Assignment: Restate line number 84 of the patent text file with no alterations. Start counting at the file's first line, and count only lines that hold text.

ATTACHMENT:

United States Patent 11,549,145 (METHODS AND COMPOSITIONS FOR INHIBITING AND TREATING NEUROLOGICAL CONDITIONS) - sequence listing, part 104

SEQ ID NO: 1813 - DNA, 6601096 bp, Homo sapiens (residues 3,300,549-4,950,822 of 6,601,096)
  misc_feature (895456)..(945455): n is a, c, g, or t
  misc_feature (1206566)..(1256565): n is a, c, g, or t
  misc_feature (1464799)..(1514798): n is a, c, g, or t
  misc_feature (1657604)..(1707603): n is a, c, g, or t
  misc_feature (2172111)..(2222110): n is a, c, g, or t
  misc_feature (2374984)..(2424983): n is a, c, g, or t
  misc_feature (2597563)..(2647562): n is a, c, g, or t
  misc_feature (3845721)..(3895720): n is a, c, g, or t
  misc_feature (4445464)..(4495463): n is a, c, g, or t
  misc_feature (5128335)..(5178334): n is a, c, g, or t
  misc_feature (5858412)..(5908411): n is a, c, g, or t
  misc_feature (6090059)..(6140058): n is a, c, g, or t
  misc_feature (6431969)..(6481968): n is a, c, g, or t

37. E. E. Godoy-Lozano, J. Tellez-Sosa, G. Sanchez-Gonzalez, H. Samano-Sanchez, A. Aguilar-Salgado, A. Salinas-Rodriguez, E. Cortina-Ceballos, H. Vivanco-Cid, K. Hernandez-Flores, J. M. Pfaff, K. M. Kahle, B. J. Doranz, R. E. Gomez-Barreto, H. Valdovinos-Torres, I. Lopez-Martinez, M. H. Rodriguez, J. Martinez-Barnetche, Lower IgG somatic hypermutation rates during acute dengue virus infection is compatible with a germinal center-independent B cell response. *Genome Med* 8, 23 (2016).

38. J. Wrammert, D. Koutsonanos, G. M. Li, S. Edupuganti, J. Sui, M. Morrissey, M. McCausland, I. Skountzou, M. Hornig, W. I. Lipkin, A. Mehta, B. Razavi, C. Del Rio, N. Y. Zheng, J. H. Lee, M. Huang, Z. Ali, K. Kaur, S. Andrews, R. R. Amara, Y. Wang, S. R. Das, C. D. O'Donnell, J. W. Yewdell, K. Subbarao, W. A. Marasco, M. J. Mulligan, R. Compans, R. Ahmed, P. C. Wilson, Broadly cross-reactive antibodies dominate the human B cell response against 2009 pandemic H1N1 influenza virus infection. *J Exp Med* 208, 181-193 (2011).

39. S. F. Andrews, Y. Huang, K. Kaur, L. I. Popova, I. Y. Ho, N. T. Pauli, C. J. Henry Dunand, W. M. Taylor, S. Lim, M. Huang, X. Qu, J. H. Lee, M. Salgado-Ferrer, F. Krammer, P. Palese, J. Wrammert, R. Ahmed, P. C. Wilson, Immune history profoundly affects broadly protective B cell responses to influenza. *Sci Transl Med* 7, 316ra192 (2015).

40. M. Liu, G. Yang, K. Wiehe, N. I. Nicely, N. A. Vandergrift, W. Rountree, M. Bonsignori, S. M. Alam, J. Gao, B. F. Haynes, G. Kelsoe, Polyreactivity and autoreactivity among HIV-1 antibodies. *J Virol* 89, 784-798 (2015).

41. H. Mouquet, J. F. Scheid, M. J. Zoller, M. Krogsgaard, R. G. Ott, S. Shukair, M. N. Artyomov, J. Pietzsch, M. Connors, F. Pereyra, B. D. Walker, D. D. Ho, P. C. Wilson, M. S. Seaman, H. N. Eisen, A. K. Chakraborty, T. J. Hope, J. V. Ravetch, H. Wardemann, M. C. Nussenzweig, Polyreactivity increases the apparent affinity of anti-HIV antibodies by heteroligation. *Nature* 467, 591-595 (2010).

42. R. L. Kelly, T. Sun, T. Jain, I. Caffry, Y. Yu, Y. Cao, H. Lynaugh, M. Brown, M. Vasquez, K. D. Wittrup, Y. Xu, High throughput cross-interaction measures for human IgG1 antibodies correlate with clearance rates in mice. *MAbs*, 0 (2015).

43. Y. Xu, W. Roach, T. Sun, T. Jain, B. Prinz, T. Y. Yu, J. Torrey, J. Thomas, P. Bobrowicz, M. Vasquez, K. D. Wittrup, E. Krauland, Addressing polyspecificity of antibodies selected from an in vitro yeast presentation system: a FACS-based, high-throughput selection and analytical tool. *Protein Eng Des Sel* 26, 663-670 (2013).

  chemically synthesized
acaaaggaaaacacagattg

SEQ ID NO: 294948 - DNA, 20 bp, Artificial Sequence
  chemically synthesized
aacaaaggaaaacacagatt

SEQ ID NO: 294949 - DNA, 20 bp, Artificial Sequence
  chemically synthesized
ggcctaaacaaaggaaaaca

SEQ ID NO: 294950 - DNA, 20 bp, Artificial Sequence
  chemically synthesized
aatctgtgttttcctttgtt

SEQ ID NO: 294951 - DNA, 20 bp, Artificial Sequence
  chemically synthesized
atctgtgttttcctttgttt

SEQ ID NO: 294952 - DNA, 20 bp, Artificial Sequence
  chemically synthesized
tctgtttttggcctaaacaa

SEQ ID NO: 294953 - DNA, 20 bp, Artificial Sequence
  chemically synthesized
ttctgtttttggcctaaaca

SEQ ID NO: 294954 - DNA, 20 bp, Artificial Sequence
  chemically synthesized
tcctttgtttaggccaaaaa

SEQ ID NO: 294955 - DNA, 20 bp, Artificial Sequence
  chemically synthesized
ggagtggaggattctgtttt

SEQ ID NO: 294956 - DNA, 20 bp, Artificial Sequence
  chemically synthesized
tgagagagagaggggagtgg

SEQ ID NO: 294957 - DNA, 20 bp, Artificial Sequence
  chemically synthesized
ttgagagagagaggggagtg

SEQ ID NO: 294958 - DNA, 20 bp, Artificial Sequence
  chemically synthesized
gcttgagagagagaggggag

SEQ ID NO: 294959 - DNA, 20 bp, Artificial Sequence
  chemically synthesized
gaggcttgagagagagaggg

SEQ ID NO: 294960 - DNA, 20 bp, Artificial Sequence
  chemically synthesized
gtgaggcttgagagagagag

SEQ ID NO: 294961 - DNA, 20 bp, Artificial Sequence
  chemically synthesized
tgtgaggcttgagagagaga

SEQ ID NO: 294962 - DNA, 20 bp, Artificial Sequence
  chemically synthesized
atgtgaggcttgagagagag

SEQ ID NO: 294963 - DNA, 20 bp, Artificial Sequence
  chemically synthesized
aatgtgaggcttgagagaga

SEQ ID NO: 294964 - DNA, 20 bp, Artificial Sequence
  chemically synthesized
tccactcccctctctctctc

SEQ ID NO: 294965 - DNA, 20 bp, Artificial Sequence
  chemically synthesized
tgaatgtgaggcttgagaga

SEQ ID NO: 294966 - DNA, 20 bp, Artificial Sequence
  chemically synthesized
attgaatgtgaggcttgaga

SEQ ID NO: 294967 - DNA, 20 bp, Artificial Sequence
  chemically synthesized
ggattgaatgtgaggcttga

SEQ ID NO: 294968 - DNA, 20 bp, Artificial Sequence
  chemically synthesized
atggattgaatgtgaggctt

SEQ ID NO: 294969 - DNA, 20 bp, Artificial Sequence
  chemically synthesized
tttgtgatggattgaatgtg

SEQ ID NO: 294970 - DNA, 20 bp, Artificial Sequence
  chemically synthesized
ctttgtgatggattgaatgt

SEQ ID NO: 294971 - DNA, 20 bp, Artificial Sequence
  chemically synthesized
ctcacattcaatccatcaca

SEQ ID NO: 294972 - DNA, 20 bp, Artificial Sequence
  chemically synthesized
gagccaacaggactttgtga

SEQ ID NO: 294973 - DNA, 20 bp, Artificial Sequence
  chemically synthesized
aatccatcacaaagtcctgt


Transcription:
ggattgaatgtgaggcttga